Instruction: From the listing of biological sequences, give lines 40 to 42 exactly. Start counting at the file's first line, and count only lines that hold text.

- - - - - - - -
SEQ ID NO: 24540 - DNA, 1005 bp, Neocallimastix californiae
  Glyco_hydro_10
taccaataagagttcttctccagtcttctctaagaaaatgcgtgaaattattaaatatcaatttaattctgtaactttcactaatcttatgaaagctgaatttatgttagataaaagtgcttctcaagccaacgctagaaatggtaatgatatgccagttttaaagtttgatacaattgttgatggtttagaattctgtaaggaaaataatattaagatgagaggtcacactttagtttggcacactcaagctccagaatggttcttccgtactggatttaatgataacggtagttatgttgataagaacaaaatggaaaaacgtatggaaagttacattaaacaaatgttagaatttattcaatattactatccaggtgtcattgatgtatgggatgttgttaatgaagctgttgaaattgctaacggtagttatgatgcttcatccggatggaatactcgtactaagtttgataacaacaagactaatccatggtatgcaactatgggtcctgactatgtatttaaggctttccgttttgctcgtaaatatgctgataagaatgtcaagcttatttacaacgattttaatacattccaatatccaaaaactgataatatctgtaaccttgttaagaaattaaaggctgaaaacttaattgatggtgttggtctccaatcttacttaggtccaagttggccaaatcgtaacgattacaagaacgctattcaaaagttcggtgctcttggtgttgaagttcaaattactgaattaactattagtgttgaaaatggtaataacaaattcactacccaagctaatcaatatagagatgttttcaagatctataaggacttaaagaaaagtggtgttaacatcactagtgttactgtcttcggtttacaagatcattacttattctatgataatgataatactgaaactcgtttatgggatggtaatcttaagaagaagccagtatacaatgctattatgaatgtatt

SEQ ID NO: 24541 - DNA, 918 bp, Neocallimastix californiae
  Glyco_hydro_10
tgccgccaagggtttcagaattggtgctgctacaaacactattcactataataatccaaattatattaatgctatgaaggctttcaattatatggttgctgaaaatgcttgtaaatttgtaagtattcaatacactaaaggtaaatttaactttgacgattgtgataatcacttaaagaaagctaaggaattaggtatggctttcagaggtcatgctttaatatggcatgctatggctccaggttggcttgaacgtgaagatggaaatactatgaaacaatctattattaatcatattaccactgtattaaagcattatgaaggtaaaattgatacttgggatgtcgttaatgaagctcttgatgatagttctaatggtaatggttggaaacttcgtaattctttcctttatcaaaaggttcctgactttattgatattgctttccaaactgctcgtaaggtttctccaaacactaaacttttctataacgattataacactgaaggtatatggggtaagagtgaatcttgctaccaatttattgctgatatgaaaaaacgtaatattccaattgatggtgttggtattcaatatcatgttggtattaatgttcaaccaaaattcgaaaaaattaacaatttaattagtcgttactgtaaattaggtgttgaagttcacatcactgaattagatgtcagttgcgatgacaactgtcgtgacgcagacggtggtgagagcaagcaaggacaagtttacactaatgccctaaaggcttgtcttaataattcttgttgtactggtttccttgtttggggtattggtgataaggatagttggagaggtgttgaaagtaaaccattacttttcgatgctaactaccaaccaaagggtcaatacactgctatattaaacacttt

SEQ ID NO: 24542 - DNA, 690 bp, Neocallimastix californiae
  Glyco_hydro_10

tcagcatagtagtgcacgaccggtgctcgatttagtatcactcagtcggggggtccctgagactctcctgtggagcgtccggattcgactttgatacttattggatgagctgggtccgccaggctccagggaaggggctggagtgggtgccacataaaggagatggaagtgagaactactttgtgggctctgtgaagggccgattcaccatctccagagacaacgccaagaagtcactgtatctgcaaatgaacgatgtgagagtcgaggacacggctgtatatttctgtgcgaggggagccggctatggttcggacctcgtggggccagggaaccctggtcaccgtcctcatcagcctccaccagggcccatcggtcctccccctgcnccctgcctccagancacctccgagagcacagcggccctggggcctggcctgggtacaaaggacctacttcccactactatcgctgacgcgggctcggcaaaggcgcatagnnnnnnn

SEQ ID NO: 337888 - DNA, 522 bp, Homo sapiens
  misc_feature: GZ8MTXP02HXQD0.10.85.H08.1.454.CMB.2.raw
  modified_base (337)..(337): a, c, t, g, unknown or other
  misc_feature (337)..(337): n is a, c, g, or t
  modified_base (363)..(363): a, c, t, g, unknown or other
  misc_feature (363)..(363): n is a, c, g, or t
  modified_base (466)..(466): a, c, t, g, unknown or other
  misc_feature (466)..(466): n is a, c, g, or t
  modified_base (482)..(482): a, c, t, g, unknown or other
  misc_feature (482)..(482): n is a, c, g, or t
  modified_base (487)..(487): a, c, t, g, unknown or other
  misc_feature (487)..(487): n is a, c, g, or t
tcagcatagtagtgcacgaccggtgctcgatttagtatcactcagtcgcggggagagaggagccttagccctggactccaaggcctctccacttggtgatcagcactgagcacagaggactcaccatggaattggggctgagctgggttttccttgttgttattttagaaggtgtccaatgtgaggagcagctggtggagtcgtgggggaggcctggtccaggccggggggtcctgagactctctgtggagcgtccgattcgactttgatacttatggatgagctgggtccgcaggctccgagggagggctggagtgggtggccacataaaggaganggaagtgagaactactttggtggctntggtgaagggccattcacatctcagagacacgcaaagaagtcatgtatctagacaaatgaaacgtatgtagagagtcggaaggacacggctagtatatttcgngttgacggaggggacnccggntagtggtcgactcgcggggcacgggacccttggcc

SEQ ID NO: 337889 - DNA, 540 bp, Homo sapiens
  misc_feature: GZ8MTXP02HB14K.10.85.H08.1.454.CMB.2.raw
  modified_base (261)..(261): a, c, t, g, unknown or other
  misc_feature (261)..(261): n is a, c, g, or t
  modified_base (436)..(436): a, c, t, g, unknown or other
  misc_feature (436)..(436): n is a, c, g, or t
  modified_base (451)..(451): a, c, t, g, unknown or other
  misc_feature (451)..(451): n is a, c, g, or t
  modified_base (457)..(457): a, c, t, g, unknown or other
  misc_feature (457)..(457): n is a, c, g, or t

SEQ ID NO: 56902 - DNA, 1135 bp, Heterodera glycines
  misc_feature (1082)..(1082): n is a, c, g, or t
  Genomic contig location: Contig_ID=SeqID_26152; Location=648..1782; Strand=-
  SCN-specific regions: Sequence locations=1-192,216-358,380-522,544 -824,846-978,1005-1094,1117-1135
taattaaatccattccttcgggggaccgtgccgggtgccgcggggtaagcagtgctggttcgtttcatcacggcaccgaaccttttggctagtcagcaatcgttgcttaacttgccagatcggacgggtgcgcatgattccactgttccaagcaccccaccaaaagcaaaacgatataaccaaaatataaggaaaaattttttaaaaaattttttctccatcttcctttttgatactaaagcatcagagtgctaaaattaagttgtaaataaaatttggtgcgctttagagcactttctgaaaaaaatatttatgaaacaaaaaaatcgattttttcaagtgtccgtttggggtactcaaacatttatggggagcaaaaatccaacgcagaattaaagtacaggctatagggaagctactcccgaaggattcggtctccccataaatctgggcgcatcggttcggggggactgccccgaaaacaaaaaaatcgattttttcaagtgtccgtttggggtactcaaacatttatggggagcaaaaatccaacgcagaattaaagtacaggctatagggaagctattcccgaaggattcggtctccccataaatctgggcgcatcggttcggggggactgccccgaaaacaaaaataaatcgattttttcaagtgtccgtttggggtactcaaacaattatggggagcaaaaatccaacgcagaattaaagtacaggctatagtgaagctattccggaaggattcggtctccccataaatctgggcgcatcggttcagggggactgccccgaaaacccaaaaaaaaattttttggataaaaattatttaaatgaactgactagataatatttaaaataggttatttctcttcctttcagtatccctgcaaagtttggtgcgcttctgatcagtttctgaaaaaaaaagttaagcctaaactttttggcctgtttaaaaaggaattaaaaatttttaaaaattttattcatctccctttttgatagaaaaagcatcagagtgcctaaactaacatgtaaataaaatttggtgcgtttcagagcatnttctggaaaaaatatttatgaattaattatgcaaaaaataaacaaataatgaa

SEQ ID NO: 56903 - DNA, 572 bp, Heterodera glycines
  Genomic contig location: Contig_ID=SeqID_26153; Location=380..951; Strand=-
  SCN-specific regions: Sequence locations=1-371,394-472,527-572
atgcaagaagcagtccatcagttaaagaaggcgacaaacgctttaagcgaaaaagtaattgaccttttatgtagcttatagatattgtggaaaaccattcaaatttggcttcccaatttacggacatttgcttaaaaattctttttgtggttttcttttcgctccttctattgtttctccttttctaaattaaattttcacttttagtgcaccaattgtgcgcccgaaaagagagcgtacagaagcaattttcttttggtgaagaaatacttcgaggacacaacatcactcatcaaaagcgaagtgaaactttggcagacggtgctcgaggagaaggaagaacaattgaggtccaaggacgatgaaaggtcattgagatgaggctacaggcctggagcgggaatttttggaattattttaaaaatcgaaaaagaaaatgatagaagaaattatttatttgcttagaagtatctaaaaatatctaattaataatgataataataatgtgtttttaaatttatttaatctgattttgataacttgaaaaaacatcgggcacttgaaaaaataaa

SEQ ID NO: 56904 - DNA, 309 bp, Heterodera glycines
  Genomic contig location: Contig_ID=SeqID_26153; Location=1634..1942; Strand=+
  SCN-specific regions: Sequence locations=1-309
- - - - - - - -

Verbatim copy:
  SCN-specific regions: Sequence locations=1-371,394-472,527-572
atgcaagaagcagtccatcagttaaagaaggcgacaaacgctttaagcgaaaaagtaattgaccttttatgtagcttatagatattgtggaaaaccattcaaatttggcttcccaatttacggacatttgcttaaaaattctttttgtggttttcttttcgctccttctattgtttctccttttctaaattaaattttcacttttagtgcaccaattgtgcgcccgaaaagagagcgtacagaagcaattttcttttggtgaagaaatacttcgaggacacaacatcactcatcaaaagcgaagtgaaactttggcagacggtgctcgaggagaaggaagaacaattgaggtccaaggacgatgaaaggtcattgagatgaggctacaggcctggagcgggaatttttggaattattttaaaaatcgaaaaagaaaatgatagaagaaattatttatttgcttagaagtatctaaaaatatctaattaataatgataataataatgtgtttttaaatttatttaatctgattttgataacttgaaaaaacatcgggcacttgaaaaaataaa

SEQ ID NO: 56904 - DNA, 309 bp, Heterodera glycines